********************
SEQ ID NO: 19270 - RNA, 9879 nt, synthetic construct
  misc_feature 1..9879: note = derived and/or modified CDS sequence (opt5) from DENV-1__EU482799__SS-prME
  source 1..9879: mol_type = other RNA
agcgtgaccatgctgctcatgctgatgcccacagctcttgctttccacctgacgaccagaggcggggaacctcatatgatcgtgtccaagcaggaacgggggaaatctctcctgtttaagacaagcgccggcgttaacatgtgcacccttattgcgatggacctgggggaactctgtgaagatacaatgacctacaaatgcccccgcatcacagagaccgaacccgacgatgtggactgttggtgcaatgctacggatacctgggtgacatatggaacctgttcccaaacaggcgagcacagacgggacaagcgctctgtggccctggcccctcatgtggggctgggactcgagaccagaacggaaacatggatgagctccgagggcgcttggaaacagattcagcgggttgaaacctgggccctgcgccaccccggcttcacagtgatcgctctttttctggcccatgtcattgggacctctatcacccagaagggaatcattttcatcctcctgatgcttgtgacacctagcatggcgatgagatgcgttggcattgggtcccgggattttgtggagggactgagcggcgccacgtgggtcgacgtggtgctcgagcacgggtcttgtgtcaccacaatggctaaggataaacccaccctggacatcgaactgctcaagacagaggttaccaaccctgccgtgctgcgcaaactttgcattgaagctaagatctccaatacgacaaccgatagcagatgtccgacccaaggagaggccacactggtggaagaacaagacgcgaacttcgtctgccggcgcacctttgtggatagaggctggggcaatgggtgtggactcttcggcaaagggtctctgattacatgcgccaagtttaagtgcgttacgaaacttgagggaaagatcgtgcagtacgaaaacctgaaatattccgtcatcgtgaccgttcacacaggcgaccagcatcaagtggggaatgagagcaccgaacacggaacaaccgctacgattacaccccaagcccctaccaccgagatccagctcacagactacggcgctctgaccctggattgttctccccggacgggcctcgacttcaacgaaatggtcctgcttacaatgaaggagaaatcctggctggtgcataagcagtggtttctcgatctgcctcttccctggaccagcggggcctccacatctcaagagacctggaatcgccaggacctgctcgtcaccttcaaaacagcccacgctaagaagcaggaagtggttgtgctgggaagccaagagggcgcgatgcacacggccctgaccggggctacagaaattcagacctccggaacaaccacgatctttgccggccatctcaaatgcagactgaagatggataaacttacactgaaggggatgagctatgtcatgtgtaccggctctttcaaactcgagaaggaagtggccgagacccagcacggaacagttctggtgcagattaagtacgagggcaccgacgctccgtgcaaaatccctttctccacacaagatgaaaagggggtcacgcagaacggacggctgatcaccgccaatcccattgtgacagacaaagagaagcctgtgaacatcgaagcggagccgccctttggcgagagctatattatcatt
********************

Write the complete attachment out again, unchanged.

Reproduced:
SEQ ID NO: 19270 - RNA, 9879 nt, synthetic construct
  misc_feature 1..9879: note = derived and/or modified CDS sequence (opt5) from DENV-1__EU482799__SS-prME
  source 1..9879: mol_type = other RNA
agcgtgaccatgctgctcatgctgatgcccacagctcttgctttccacctgacgaccagaggcggggaacctcatatgatcgtgtccaagcaggaacgggggaaatctctcctgtttaagacaagcgccggcgttaacatgtgcacccttattgcgatggacctgggggaactctgtgaagatacaatgacctacaaatgcccccgcatcacagagaccgaacccgacgatgtggactgttggtgcaatgctacggatacctgggtgacatatggaacctgttcccaaacaggcgagcacagacgggacaagcgctctgtggccctggcccctcatgtggggctgggactcgagaccagaacggaaacatggatgagctccgagggcgcttggaaacagattcagcgggttgaaacctgggccctgcgccaccccggcttcacagtgatcgctctttttctggcccatgtcattgggacctctatcacccagaagggaatcattttcatcctcctgatgcttgtgacacctagcatggcgatgagatgcgttggcattgggtcccgggattttgtggagggactgagcggcgccacgtgggtcgacgtggtgctcgagcacgggtcttgtgtcaccacaatggctaaggataaacccaccctggacatcgaactgctcaagacagaggttaccaaccctgccgtgctgcgcaaactttgcattgaagctaagatctccaatacgacaaccgatagcagatgtccgacccaaggagaggccacactggtggaagaacaagacgcgaacttcgtctgccggcgcacctttgtggatagaggctggggcaatgggtgtggactcttcggcaaagggtctctgattacatgcgccaagtttaagtgcgttacgaaacttgagggaaagatcgtgcagtacgaaaacctgaaatattccgtcatcgtgaccgttcacacaggcgaccagcatcaagtggggaatgagagcaccgaacacggaacaaccgctacgattacaccccaagcccctaccaccgagatccagctcacagactacggcgctctgaccctggattgttctccccggacgggcctcgacttcaacgaaatggtcctgcttacaatgaaggagaaatcctggctggtgcataagcagtggtttctcgatctgcctcttccctggaccagcggggcctccacatctcaagagacctggaatcgccaggacctgctcgtcaccttcaaaacagcccacgctaagaagcaggaagtggttgtgctgggaagccaagagggcgcgatgcacacggccctgaccggggctacagaaattcagacctccggaacaaccacgatctttgccggccatctcaaatgcagactgaagatggataaacttacactgaaggggatgagctatgtcatgtgtaccggctctttcaaactcgagaaggaagtggccgagacccagcacggaacagttctggtgcagattaagtacgagggcaccgacgctccgtgcaaaatccctttctccacacaagatgaaaagggggtcacgcagaacggacggctgatcaccgccaatcccattgtgacagacaaagagaagcctgtgaacatcgaagcggagccgccctttggcgagagctatattatcatt